With 99 days to go, I’m taking another look at my evening checklist and figuring out why I don’t do it — simplifying it down to essentials, making sure I’m removing the obstacles that are making it something I internally groan about “having” to do.
Not a radical overhaul, just dropping a couple of things, and moving the “listen to classical music” to work as a way of enforcing a lunch break — I have a real problem with taking time off once I get in, so having this to do will help me move into a better break space at least once during the day.
I genuinely tried the Virtual Rottweiler method last night before bed, and golly, it worked — I hadn’t done my checklist, didn’t feel like doing my checklist, and then visualized a slavering dog bred for murder. If I had to do the checklist or fight that dog, what would I do?
First of all, I’d never fight a dog! Dogs are great.
Second, I realized that the checklist was entirely accomplishable and even though I lowballed the planking and had a pretty short instrument practice segment, but I checklisted, by golly.
I’m still ruminating on the “simplify” thing, and had a delightful lunch with a friend last Friday where he extolled the virtues of being a magpie and made a pretty great case for it. Hm.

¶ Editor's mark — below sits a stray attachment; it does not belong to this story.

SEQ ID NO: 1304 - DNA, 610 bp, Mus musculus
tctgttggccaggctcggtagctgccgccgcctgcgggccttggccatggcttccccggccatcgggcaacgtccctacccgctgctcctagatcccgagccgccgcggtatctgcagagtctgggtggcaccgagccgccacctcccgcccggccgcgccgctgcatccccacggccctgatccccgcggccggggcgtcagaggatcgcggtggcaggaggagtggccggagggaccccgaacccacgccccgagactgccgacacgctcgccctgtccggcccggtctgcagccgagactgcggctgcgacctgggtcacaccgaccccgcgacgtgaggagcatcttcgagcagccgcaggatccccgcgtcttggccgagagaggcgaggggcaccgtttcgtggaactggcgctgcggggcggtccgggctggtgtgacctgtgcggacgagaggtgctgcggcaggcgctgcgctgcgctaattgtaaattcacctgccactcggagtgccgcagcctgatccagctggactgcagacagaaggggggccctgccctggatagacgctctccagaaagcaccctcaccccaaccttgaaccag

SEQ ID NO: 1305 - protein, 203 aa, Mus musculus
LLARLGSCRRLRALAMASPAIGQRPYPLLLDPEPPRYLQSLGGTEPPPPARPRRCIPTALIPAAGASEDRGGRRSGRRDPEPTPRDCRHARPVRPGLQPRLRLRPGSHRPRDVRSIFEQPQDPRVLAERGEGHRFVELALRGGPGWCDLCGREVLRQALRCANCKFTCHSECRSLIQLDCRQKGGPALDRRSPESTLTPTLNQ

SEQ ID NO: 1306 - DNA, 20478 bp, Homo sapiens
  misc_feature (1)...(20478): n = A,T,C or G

I still didn’t do my checklist last night! I was tired, and just wanted to read in bed, and even the 15 minutes of checklist stuff seemed insurmountable. This doesn’t affect the logging streak (Day Three), but it does bum me out a little.
I coulda done it! I coulda just powered through.
And it’s not a big deal as a one-off, but when I’m trying to come back from a break, and I know that routines are what works for me, it’s hard to justify breaking from the perfectly functional routine.
An interesting mental challenge is “what if I had no choice?”. I ran 6+ km this morning; at the 2k mark I wanted to turn around, but I forced myself to do the extra km out, which then made me run the extra 1k back. 6k!
It’s a weird thought, but maybe I need a mental Lee Ermey or Freddy Krueger to remove choice from the equation. If there were a person with a gun, or a rottweiler, or something saying DO THE CHECKLIST last night, I certainly could have done it. I chose not to do it, but I was 100% capable.